Difference Between “почему” and “зачем” in Russian

The words “зачем” and “почему” are often translated from Russian as “why,” but they are not interchangeable. It’s important to distinguish between them for clear communication. Почему [pacheemoo] is used to ask about the cause or reason behind an event or situation. It is used when you want to know why something happened certain state…

Indeclinable Nouns: List of Words that Don’t Change

In the Russian language, there are certain words that never change their form, regardless of whether they are singular or plural. These words are borrowed from other languages and are known as invariant nouns. They are unique in that they do not have different forms for different grammatical cases. That’s why they are also called…

Conquer Russian Present Tense: A Step-by-Step Verb Mastery

The present tense in Russian is the easiest tense. Yes, you have to remember the conjugation forms, but the usage is very basic. No perfective forms are used. Unlike English, Russian does not have a direct equivalent of continuous forms using verb forms like “-ing.” Instead, it relies on context and specific time adverbs to…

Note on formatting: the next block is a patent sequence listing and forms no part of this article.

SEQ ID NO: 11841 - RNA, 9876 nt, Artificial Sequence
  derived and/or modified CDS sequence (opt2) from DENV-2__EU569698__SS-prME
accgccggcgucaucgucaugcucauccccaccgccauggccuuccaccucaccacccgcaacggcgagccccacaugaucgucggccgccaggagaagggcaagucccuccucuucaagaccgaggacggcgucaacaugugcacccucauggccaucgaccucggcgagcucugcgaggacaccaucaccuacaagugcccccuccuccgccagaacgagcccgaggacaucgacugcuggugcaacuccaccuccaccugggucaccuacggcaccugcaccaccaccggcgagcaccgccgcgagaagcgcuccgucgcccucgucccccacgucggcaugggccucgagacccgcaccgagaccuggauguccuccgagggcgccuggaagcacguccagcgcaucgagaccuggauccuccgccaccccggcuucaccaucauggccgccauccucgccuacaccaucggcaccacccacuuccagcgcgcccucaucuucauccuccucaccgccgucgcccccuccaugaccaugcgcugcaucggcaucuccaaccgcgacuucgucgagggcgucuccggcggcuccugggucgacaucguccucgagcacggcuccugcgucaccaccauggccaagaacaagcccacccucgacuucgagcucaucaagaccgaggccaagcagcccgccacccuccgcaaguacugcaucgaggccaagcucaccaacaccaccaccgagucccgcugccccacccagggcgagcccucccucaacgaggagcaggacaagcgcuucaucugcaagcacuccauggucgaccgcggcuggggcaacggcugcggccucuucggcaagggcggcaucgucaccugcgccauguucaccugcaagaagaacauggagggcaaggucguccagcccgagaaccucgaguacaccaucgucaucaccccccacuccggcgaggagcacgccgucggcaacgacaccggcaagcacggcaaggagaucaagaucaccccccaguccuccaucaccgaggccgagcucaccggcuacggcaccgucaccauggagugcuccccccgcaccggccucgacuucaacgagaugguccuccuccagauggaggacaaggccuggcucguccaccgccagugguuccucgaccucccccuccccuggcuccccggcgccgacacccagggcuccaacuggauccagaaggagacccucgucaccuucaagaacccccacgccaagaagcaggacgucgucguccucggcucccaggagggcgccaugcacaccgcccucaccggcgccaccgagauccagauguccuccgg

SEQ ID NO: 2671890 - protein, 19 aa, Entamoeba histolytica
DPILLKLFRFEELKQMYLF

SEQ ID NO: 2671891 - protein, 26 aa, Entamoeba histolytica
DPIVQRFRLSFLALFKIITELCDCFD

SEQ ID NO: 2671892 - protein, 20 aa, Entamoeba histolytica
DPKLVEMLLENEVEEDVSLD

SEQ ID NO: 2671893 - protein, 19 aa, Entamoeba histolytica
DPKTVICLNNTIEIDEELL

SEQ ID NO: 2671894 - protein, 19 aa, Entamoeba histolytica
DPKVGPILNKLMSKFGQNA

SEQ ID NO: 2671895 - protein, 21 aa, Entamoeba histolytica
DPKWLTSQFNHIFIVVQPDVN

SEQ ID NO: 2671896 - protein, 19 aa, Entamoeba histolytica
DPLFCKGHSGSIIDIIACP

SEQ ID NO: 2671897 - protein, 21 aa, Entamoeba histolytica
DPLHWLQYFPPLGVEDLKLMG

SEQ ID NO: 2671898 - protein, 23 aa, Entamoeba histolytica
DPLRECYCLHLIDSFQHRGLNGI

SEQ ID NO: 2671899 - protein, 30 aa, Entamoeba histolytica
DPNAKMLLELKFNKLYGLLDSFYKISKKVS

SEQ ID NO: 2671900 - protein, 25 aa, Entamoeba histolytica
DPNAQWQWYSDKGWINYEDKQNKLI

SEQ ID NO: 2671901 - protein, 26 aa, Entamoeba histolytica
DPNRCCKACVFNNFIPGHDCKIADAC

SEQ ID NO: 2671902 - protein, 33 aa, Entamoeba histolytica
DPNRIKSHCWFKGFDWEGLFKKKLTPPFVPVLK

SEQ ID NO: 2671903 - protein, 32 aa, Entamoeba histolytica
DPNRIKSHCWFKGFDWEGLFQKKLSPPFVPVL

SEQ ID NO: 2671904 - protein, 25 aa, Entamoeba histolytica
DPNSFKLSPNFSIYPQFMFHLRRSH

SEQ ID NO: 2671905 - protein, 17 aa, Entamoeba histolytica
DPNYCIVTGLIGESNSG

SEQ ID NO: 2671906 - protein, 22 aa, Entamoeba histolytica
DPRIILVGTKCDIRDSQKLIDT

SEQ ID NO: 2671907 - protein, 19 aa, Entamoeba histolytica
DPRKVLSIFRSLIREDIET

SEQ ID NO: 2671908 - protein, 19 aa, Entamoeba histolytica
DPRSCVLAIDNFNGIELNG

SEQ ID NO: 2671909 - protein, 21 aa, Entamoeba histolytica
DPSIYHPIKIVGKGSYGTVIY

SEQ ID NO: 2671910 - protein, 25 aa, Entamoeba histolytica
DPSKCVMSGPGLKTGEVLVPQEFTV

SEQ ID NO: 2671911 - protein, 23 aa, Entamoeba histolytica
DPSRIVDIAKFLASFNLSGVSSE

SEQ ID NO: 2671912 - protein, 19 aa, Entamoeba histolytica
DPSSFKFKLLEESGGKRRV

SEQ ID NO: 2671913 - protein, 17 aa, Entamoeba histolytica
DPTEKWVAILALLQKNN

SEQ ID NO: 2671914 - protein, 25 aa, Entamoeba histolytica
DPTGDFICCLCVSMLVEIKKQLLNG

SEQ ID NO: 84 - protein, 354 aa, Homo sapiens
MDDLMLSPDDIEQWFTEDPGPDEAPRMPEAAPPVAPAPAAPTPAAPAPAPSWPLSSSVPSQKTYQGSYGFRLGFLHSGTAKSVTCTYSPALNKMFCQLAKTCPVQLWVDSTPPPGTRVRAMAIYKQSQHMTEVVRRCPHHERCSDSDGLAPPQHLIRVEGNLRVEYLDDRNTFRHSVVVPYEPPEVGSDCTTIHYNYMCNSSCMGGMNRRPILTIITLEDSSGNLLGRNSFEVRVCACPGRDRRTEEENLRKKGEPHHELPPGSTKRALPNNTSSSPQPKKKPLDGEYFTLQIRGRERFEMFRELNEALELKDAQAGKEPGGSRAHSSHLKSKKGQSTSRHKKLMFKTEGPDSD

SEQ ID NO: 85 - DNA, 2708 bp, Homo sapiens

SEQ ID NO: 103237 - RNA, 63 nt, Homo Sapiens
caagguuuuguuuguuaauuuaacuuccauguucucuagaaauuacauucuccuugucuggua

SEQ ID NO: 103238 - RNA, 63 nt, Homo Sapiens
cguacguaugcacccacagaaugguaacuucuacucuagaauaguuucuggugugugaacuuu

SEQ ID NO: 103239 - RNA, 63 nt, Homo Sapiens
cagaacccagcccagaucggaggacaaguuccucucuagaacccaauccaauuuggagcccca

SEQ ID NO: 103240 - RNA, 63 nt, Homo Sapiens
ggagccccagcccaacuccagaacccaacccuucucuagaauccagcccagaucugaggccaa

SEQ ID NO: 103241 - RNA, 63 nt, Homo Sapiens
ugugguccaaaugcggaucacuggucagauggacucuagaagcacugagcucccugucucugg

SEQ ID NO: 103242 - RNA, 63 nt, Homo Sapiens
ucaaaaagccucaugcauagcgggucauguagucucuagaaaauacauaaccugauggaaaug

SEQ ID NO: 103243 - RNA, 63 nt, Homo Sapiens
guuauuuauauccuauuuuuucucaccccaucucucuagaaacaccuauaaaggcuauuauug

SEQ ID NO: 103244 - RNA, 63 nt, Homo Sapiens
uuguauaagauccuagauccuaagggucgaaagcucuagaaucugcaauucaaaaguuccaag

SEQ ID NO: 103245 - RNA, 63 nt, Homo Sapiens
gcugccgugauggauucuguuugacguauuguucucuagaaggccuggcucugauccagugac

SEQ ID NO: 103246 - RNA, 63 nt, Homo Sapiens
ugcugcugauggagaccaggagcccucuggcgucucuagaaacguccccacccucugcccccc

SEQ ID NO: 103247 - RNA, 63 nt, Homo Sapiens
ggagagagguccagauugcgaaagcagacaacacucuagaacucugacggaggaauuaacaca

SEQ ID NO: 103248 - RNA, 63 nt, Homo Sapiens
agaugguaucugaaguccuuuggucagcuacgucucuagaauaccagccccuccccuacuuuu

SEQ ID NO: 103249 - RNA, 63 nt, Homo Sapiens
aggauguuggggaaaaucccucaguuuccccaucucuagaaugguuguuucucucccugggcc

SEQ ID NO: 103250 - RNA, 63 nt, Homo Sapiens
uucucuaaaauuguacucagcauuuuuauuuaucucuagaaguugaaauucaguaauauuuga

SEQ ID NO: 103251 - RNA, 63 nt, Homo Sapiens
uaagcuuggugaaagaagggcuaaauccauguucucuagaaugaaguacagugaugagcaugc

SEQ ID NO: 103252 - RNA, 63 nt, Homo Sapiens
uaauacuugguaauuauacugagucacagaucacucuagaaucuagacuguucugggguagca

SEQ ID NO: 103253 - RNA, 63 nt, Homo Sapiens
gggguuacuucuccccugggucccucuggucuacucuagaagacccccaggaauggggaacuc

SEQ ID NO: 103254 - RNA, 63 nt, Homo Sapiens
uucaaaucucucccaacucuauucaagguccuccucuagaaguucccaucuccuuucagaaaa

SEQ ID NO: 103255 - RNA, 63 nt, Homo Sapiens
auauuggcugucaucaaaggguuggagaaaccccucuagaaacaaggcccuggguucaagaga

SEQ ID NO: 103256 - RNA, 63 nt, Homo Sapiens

Sentence Structure: The Ultimate Guide to Russian Word Order

In language, word order plays a crucial role in conveying meaning and structuring sentences. The study of Russian word order provides valuable insights into the unique characteristics of the language. This article explores the patterns and rules governing Russian word order, shedding light on its nuances and providing examples to enhance understanding. Basic Word Order…

The Dative Case in Russian: Definition, Usage, and Examples

The dative case (дательный падеж) is one of the six grammatical cases in the Russian language. It plays a crucial role in expressing relationships and indirect actions in the Russian language. It answers the question “to whom?” or “for whom?” in relation to the action of the verb. In this article, we will explore the…

What Is a Relative Pronoun in Russian, and How Does It Work?

Relative pronouns (adverbs) look and sound like interrogative pronouns (adverbs). The difference is that relative pronouns are used to connect clauses or phrases together and refer back to a noun or pronoun in the previous clause. They are often translated to English as “who,” “whom,” “whose,” “which,” or “that.” Let’s take a look at the…